Lora Abernathy: Don’t judge, just pass the sugar

My love for red meat is rivaled only by my passion for sweets.

After eating a slice of homemade cake in the break room, a co-worker walking past my office asked if I had any and if I liked it.

“Does it have sugar in it?” I asked.

“Yes,” she answered, her tone quizzical.

“Then, yes!” I exclaimed, doing my best to impersonate Buddy’s enthusiasm for maple syrup in the film, “Elf.”

My love for sugar began very early in life, going back to kindergarten. My end-of-school treat was a tiny bowl of brown sugar. Mom told me years later there was a brown-sugar-is-healthy-for-kids phase back in the 1980s.

As my obsession with sweets continued as a growing kid, my parents could always tell if I’d run out of my allowance for the week by glancing at the large volume of colorful Nerds, Skittles, Fun-Dip or Jawbreakers wrappers and boxes piling in the trash.

My sweet tooth graduated to adult level when I started working my summer job at the West Virginia Division of Highways in college: I used sugar in my new coffee-drinking habit. I would pour so much sugar into the coffee, you could watch the level rise like a creek during a flood.

Many years later, nothing has changed. I still consume candy as if I had an 8-year-old’s metabolism. A friend recently gave me several bags of jelly beans that had been left over from an event he organized. He thought I was joking when I informed him that I would put away at least one 20-ounce bag by the end of the day. I wasn’t. I did.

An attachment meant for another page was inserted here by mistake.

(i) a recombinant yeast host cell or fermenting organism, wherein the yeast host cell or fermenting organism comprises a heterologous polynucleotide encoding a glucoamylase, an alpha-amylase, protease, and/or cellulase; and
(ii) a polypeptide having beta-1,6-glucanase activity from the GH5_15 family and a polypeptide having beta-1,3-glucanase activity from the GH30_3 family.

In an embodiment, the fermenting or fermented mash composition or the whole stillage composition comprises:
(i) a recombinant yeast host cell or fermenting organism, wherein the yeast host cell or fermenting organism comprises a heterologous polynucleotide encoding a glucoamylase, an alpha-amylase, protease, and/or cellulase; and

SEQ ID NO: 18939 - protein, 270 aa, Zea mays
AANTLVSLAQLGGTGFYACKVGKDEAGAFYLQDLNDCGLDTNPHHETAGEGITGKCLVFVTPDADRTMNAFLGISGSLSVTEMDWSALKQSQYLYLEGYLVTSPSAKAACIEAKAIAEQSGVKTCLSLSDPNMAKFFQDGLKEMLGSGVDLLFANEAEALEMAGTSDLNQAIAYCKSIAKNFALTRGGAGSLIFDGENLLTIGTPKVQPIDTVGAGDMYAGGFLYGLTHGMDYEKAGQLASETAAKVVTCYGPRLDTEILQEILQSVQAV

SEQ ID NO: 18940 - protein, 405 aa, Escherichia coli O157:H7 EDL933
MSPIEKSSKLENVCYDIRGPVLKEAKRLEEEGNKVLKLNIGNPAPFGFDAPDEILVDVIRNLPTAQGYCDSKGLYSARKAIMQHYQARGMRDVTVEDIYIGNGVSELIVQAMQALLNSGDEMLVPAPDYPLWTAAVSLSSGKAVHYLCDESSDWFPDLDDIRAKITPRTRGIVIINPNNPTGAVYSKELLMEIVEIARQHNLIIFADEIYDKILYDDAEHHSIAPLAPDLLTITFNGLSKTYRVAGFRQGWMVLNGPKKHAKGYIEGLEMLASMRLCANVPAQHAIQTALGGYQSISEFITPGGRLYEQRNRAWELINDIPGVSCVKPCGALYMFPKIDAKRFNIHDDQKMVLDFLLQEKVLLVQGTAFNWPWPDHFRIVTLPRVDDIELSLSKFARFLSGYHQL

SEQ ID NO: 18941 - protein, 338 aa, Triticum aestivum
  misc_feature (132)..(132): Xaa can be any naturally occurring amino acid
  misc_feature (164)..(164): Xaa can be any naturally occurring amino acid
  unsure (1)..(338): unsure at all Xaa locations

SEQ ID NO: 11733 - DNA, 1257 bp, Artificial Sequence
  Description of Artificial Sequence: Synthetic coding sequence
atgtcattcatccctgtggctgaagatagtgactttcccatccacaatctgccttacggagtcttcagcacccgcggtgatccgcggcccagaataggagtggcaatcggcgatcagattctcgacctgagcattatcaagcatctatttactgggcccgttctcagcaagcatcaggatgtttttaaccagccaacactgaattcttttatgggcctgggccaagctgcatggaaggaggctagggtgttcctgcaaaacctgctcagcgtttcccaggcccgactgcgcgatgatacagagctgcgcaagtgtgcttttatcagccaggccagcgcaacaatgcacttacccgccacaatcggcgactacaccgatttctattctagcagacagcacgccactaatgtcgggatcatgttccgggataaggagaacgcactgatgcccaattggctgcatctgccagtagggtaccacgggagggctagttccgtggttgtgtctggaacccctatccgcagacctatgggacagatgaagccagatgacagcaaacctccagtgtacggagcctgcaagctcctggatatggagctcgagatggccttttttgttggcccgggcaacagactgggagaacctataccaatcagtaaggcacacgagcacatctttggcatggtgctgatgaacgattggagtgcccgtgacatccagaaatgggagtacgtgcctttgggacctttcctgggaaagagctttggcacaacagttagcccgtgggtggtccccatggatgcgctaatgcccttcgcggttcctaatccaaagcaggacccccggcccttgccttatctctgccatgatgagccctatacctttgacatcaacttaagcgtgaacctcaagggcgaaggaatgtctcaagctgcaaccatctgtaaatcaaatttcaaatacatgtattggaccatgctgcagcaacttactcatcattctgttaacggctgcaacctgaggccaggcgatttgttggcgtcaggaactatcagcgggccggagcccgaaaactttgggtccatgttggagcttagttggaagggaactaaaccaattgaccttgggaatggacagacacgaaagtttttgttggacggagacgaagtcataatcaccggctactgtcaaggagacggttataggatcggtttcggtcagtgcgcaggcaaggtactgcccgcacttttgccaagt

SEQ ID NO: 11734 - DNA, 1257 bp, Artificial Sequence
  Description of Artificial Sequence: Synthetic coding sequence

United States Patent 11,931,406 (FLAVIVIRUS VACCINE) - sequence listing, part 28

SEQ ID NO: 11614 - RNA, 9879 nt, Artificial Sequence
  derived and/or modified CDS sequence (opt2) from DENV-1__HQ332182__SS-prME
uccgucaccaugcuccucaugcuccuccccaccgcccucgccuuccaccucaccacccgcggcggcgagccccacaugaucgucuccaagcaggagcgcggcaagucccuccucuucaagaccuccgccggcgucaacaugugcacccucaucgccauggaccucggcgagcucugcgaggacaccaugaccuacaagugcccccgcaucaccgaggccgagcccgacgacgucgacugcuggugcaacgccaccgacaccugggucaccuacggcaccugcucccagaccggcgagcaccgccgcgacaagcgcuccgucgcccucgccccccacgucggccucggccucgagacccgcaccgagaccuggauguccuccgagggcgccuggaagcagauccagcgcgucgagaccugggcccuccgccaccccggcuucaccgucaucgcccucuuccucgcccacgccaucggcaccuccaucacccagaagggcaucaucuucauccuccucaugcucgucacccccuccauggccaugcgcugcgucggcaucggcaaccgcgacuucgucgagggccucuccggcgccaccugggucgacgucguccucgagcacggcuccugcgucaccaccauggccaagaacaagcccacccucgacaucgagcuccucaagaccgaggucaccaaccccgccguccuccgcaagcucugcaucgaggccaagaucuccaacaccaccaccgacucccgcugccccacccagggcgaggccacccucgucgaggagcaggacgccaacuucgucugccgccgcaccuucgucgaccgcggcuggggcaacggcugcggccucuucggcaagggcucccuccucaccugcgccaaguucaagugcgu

On the rare occasions there are no sugary treats in the house, sometimes I pretend I’m 5 again and head straight for that tiny bowl of brown sugar. The way I see it, I’m just matching what any candy I would consume would do for me anyway.

With the holiday season upon us, I become an obnoxious Christmas party guest; not because I say all the wrong things or wear the wrong clothes, but because I barely leave any cookies, cakes or pies for my fellow party-goers.

I start out with good intentions of “just having one,” but that resolve disappears as soon as my brain starts registering delicious.

Food fads come and go, along with warnings and advisories. In fact, in late October, it was announced that red meat could cause cancer. Ten years from now, it will probably be shown to help reduce cancer. Either way, I’m staying true to my love of both. Please pass the sugar.

Salt Magazine

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